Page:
I was walking down the street yesterday when I heard someone call out to me, "Dandelion lover!" I figured this compliment must have something to do with the letter I wrote to the editor of our newspaper recently. I shared this letter on Facebook and it was so popular I thought it deserved a spot on my website.
This is easily my favorite time in the Methow Valley. The golden flowers of our native arrowleaf change our hillsides to gold while my favorite weed covers our lawns in little golden buttons.
It might sound strange to have a favorite weed, but dandelion has so many virtues that it’s an easy choice. The tender spring dandelion leaves are full of nutrients, including vitamin C, vitamin K1, potassium, magnesium and beta-carotene. It’s a time-honored tradition in many countries in Europe to pick those spring dandelion greens and eat them, not only for their valuable nutrition, but also for their ability to stimulate healthy digestion.
Dandelion roots are similarly nutrient-dense and are currently being studied for their ability to prevent and address many types of cancer. Those beautiful golden dandelion flowers can be made into fritters, dandelion jelly, a deliciousdandelion wine, or even a salve for relieving aches and pains.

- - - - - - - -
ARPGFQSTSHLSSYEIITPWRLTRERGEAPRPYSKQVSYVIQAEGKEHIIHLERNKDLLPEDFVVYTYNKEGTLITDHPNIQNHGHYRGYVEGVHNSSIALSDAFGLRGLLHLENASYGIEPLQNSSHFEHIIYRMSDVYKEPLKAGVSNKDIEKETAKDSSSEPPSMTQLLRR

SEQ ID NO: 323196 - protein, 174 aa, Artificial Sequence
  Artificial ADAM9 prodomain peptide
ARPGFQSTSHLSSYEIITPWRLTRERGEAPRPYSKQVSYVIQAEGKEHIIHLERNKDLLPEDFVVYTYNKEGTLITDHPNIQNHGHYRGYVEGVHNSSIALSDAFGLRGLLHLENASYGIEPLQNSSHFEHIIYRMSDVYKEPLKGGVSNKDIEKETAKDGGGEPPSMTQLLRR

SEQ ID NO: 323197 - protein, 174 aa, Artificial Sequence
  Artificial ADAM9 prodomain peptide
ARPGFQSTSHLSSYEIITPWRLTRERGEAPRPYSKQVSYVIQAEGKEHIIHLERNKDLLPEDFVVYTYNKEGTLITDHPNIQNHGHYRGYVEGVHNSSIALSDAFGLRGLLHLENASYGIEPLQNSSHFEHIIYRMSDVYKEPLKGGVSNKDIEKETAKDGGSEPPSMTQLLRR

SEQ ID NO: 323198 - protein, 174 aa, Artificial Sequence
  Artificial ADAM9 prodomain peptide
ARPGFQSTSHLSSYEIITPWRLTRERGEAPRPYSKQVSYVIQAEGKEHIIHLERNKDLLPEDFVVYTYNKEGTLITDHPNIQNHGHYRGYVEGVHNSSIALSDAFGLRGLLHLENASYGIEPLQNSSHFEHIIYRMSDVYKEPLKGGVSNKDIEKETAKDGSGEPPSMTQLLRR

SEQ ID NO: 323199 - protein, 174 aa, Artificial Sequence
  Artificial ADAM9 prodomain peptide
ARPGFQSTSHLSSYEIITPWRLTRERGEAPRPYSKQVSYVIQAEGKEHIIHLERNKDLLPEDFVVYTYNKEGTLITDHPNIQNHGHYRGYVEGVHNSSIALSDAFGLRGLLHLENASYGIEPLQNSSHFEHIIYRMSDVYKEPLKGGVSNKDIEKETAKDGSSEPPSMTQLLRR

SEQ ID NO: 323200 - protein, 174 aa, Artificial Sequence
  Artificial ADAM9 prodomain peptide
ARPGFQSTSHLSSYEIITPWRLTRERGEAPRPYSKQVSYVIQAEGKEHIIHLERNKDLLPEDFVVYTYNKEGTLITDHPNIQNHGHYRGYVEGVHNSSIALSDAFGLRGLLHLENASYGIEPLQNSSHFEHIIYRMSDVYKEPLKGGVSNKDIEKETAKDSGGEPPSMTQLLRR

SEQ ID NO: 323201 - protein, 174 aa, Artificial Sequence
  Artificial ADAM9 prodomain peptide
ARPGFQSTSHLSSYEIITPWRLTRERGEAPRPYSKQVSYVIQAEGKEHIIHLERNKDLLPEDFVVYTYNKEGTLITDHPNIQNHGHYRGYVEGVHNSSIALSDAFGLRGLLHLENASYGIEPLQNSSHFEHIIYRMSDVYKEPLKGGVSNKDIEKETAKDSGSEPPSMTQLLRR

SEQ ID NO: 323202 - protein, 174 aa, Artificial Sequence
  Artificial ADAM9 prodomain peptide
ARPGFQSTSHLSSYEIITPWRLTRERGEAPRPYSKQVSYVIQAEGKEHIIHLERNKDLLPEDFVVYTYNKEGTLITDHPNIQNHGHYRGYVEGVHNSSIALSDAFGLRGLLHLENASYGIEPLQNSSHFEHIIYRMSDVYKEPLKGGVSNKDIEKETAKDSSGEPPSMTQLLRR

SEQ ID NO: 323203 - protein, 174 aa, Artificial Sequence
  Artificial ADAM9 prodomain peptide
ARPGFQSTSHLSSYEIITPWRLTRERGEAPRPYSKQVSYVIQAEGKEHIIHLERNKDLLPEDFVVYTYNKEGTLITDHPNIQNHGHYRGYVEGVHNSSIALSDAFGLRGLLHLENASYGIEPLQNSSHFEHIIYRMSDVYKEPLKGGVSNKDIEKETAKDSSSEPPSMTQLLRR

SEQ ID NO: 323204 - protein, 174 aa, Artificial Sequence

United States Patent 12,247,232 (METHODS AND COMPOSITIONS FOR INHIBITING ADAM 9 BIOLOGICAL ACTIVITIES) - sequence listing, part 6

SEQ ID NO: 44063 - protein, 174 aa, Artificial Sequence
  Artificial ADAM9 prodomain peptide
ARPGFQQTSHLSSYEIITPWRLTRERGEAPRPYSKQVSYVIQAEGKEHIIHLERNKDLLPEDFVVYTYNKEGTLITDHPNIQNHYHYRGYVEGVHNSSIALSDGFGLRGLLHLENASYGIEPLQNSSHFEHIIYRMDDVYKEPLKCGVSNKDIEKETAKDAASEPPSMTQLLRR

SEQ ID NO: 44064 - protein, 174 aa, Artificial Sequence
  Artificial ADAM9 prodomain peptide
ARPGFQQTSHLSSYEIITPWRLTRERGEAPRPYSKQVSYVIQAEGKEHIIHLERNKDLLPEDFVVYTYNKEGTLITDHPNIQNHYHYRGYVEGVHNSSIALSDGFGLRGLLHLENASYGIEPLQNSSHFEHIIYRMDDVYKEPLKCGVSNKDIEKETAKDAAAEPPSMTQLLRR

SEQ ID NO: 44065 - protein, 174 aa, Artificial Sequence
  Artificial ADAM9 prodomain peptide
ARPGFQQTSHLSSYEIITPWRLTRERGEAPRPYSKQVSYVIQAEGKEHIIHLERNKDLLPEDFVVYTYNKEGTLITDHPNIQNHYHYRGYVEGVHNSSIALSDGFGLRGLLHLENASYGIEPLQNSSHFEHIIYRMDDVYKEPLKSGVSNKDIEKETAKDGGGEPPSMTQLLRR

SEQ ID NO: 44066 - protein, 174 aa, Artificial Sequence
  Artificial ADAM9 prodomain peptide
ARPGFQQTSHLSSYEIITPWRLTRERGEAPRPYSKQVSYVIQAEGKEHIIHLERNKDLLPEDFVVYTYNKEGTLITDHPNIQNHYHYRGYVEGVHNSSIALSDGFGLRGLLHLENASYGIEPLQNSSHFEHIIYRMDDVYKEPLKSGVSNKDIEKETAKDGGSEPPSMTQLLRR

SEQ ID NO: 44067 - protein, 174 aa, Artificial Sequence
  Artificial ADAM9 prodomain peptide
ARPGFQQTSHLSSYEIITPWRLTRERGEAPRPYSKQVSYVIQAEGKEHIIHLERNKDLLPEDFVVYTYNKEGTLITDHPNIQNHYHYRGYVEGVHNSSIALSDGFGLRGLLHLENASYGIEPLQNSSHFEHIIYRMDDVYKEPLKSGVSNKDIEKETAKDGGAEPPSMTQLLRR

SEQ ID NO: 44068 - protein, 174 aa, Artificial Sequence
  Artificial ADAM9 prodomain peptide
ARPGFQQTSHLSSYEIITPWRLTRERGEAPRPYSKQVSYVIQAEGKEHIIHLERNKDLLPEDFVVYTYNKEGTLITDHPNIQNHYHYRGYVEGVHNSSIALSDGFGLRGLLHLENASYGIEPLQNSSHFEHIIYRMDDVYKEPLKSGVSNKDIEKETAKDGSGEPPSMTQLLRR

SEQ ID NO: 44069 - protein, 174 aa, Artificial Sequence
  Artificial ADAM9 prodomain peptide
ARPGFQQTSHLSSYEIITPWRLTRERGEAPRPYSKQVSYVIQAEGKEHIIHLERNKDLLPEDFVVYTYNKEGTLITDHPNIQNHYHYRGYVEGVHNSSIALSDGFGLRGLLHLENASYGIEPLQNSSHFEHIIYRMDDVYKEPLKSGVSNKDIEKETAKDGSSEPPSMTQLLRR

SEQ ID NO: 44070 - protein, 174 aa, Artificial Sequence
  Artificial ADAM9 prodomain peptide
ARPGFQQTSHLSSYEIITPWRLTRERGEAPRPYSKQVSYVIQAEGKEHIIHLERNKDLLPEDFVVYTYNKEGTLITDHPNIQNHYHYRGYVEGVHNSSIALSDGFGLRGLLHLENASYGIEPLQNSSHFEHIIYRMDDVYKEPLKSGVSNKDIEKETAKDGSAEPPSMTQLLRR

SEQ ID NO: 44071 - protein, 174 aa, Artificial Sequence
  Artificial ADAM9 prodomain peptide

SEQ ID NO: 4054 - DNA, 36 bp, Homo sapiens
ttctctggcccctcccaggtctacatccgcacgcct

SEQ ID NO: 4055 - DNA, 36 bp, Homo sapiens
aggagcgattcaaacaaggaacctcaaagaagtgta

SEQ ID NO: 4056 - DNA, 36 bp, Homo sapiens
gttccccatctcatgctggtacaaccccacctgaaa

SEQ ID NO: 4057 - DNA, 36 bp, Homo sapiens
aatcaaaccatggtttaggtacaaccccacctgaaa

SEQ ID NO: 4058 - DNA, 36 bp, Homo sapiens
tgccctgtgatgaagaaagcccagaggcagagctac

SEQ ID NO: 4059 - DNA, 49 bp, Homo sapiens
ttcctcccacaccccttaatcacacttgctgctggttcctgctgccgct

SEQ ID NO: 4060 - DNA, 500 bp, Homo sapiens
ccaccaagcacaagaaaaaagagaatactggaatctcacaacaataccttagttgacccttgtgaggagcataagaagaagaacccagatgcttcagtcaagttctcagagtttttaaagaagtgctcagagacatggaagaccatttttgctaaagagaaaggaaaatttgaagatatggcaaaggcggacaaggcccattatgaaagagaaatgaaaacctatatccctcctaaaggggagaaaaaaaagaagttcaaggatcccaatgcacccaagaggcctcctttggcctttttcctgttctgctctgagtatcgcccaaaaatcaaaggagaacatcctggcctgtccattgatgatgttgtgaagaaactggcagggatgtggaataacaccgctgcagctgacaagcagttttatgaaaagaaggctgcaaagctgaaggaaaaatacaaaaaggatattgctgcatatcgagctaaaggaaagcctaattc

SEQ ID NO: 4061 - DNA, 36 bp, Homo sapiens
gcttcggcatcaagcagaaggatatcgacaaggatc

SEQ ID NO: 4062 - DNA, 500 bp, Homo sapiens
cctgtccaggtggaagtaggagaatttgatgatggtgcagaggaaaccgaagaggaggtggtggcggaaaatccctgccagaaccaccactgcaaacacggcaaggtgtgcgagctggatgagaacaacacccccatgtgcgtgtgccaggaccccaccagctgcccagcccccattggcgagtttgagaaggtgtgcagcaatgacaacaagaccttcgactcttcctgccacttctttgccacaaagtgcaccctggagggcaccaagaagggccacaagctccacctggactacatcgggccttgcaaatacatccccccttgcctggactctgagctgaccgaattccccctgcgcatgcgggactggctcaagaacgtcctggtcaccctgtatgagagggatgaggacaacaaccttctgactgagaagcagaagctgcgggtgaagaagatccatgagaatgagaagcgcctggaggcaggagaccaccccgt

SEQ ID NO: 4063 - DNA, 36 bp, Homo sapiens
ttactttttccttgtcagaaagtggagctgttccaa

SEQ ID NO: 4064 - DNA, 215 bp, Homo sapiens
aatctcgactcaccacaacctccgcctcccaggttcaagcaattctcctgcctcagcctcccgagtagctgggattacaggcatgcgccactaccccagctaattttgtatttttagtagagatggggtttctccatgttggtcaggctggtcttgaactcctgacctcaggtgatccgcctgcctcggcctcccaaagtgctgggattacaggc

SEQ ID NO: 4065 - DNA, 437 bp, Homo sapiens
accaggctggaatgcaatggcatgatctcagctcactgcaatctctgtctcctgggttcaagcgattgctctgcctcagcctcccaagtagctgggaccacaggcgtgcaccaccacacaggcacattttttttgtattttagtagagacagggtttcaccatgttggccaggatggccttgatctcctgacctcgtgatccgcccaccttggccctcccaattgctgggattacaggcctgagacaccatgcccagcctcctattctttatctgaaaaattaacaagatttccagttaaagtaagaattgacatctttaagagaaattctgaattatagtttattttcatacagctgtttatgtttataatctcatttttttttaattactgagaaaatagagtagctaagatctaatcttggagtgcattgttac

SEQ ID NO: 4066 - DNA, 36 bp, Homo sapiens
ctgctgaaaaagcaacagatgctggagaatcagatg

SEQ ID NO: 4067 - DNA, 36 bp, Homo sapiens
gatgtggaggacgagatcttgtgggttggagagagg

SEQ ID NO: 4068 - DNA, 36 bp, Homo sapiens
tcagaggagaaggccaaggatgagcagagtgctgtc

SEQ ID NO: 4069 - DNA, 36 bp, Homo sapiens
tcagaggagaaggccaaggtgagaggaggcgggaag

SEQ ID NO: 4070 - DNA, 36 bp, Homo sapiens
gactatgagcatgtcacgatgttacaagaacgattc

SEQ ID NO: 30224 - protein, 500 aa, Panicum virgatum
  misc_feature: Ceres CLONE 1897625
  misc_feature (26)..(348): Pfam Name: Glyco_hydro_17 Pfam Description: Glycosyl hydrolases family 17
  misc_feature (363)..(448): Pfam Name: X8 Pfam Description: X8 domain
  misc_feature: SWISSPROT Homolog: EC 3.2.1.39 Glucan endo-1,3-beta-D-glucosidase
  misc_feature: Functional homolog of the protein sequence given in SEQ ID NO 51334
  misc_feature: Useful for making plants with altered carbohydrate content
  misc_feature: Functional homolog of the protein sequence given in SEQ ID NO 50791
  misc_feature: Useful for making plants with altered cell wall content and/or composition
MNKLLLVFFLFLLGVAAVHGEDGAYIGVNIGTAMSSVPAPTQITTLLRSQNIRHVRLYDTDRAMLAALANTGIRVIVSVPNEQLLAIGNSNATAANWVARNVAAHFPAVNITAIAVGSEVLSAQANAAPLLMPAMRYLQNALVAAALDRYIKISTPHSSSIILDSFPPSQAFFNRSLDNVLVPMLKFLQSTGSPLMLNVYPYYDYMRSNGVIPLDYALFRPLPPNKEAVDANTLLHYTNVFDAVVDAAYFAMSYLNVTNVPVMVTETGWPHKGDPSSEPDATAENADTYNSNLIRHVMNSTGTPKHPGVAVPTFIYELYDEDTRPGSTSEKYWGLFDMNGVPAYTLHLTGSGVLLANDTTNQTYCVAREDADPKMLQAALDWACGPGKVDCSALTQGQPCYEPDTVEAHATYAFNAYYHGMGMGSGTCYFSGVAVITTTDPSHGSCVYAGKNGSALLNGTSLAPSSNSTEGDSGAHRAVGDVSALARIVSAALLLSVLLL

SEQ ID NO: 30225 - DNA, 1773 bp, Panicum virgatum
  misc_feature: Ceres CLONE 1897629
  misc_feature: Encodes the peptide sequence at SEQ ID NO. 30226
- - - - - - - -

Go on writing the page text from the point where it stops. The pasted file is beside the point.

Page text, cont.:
Because this is such a delicious and health-promoting plant it completely confounds me that so many people despise it. Instead of rushing out with their harvesting tools to enjoy this free food and medicine, they spray harmful chemicals to kill them. Many of those herbicides are proven to promote cancer and poison our soils and waters.
Each year over 80 million pounds of herbicides are used on people’s lawns. While many of those herbicides have not been tested for safety, there are others that have been shown to have a high correlation with cancers. Children and developing fetuses are at the highest risk.
But humans aren’t the only ones effected.
Dandelions are some of the earliest blooms and are an important source of food for another favorite non-native: honey bees. Bees, insects and birds are also highly susceptible to these herbicides. Herbicides that are used on dandelions have been strongly implicated in the collapse of the bees. Without bees, we don’t have pollinated flowers turning into fruits and vegetables.
When I think about people spraying 80 million pounds of herbicides a year to eradicate a beautiful and beneficial plant I can’t help but wonder, are we insane?
Why is there all this hatred against dandelions? Because lawns should be “pure?” Because dandelions make an area look “unkempt?” Are those good enough reasons to poison our beautiful valley? I say it’s time to end our war on dandelions and embrace them for the many benefits they so freely offer.